The clinical manifestation of type 1 diabetes is thought to represent end-stage insulitis, since only 10-20% of the insulin producing beta cells have been estimated to be still functioning at the time of diagnosis. Nevertheless, patients with type 1 diabetes and remaining endogenous insulin reserve may benefit from treatments aiming at preservation of insulin secretory capacity but any pharmacological intervention will likely need to be initiated as soon as possible after manifestation of the disease to have a chance of showing a meaningful benefit. Attenuating the decline in beta cell function may improve glycaemic control and reduce the risk of hypoglycaemia, at least for a certain time. If the effect is profound and sustained, reduction or delay of diabetic complications may be expected. Clinical studies aiming at preservation of beta cell function should be randomized, preferably double-blind and placebo-controlled and should include patients with a documented residual beta cell function. The primary outcome should preferably consist of co-primary endpoints including not only the change from baseline in C-peptide (e.g. C-peptide AUC) or, if appropriately justified, the percentage of patients with C-peptide increases above a clinically meaningful threshold following a Guideline on clinical investigation of medicinal products in the treatment or prevention of diabetes mellitus physiological stimulus (e.g. liquid mixed meal) under standardized conditions but also HbA1c, frequency of hypoglycaemic episodes, particularly severe events, or the percentage of patients not requiring insulin therapy or with a relevant reduction in insulin requirements. Any of these endpoints not included as co-primary endpoint should be evaluated as important secondary endpoint. Other secondary endpoints should include fasting and postprandial blood glucose concentrations, 24-hour glucose profiles and total daily insulin requirements. Occurrence of ketoacidosis should be recorded. The primary endpoint could be measured after 1 year but sustained treatment benefit will need to be shown for a minimum of 2 years after treatment initiation. It is important to choose suitable and highly sensitive assays for reliable C-peptide measurements. It is expected that a clinically meaningful effect on beta cell function will not only lead to relevant improvements in stimulated C-peptide and the chosen co-primary endpoint compared to placebo but is also supported by favourable results on the secondary endpoints. Again, a step down approach within the paediatric population is recommended (see 6.1). The clinical relevance i.e. the size and duration of the observed effect, if any, must be carefully balanced against the risks of the intervention. For use of immunosuppressants or immunomodulators see section 6.1. 6.3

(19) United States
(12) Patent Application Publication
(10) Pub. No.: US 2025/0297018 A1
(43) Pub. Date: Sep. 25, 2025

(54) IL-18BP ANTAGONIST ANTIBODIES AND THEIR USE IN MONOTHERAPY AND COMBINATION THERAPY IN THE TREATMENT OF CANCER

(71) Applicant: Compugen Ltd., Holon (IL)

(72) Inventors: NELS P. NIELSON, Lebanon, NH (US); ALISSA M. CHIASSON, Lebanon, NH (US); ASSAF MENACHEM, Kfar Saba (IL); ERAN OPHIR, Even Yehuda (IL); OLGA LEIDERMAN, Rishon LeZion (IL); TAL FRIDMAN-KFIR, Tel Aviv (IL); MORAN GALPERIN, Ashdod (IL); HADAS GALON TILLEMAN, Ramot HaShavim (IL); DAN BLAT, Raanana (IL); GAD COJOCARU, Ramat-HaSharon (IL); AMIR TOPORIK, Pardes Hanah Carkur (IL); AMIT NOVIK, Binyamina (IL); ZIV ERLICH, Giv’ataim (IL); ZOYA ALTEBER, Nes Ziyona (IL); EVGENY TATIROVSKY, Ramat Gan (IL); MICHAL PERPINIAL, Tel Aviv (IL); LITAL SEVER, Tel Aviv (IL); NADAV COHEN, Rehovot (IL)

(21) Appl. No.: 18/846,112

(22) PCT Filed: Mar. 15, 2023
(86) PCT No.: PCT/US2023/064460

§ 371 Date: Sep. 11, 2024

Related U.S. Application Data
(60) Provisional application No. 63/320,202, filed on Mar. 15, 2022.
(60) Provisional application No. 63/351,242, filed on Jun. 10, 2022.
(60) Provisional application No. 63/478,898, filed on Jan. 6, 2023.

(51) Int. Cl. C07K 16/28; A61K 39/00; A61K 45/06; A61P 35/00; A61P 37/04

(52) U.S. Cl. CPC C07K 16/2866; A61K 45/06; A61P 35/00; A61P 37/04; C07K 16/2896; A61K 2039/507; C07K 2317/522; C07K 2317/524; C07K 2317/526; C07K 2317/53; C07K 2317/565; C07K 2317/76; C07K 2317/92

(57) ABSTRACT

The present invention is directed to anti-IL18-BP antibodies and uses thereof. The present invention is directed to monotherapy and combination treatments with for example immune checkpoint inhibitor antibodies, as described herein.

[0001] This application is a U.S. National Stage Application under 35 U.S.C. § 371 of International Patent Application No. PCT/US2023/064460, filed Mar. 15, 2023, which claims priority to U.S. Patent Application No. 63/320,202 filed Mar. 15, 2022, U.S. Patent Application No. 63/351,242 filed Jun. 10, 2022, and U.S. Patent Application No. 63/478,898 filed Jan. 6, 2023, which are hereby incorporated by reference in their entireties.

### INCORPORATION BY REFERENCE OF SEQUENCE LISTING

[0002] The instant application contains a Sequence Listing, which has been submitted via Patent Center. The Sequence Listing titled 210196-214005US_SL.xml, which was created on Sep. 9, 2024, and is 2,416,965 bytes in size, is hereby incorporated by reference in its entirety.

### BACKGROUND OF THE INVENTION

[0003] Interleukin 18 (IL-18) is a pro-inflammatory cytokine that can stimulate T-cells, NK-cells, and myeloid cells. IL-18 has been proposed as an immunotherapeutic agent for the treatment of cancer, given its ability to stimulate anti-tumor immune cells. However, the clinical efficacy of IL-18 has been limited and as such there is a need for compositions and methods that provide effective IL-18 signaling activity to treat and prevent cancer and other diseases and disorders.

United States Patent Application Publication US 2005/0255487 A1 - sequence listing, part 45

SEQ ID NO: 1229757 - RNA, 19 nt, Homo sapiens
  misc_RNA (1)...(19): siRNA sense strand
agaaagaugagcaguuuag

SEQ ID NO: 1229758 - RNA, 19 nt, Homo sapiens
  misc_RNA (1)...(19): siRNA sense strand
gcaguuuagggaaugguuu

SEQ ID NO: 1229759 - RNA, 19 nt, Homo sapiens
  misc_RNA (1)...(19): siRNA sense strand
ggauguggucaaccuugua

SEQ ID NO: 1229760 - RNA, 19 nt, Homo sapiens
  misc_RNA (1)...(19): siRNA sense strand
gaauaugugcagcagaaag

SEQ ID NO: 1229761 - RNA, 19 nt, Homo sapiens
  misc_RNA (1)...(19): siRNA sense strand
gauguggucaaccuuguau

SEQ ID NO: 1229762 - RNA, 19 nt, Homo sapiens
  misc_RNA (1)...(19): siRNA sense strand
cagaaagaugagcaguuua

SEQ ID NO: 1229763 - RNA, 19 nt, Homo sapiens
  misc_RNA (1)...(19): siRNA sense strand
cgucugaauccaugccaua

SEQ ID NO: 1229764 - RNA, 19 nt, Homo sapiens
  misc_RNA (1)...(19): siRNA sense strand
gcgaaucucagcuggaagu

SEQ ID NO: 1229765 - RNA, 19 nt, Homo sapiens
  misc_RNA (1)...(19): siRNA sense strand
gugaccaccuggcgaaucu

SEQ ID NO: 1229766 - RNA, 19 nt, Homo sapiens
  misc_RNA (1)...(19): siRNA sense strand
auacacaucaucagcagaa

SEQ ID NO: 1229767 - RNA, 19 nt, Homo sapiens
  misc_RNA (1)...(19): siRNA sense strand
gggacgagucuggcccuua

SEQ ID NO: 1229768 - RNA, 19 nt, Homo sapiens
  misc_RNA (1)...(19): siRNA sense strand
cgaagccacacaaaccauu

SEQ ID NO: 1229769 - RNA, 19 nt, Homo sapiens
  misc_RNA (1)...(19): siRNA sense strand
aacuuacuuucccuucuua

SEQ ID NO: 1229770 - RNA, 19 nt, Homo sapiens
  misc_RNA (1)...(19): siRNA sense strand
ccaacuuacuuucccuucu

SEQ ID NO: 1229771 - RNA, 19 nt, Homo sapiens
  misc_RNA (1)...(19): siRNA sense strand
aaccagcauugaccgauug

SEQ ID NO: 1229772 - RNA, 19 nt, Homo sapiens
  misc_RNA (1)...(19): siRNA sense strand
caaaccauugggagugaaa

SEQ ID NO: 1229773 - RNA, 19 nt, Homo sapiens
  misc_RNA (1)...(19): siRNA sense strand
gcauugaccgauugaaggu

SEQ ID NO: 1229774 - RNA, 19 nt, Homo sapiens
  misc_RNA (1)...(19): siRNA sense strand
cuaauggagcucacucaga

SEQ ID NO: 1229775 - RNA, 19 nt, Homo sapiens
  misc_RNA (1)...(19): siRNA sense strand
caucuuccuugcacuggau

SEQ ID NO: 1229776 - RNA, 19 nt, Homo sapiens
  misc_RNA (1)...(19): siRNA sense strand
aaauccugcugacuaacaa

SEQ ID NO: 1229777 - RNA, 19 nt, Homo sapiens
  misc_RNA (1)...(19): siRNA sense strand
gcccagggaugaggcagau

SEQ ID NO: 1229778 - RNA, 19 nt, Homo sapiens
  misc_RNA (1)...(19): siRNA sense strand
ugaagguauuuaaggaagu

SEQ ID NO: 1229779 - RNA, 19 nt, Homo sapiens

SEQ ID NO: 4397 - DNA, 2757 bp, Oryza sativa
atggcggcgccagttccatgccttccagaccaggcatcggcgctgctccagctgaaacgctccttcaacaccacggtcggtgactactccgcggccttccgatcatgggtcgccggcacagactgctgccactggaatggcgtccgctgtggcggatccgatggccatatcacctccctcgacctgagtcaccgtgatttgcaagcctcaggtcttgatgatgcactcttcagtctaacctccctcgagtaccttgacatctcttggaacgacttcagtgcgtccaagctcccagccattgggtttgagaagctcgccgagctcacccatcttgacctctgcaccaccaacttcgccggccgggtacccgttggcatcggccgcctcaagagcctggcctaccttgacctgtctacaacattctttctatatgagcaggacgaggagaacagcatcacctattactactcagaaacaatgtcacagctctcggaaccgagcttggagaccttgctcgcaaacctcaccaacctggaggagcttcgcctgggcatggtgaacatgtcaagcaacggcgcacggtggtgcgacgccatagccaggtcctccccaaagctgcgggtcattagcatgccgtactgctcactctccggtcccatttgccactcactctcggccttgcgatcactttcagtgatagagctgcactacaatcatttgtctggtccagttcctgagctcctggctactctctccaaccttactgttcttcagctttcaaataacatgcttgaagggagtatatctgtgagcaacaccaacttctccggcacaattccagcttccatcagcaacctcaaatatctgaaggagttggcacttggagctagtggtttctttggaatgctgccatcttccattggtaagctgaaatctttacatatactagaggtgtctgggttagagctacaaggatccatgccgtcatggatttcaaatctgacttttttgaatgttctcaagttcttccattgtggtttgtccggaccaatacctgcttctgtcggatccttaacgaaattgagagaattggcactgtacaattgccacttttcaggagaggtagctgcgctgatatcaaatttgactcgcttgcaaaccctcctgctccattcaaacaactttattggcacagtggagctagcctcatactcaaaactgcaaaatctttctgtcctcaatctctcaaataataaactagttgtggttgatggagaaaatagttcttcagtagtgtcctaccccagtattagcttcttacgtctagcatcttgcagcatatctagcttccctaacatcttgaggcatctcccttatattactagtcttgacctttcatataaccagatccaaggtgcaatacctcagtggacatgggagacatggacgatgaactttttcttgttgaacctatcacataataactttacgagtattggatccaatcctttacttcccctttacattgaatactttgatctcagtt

Delay in onset/prevention of type 2 diabetes mellitus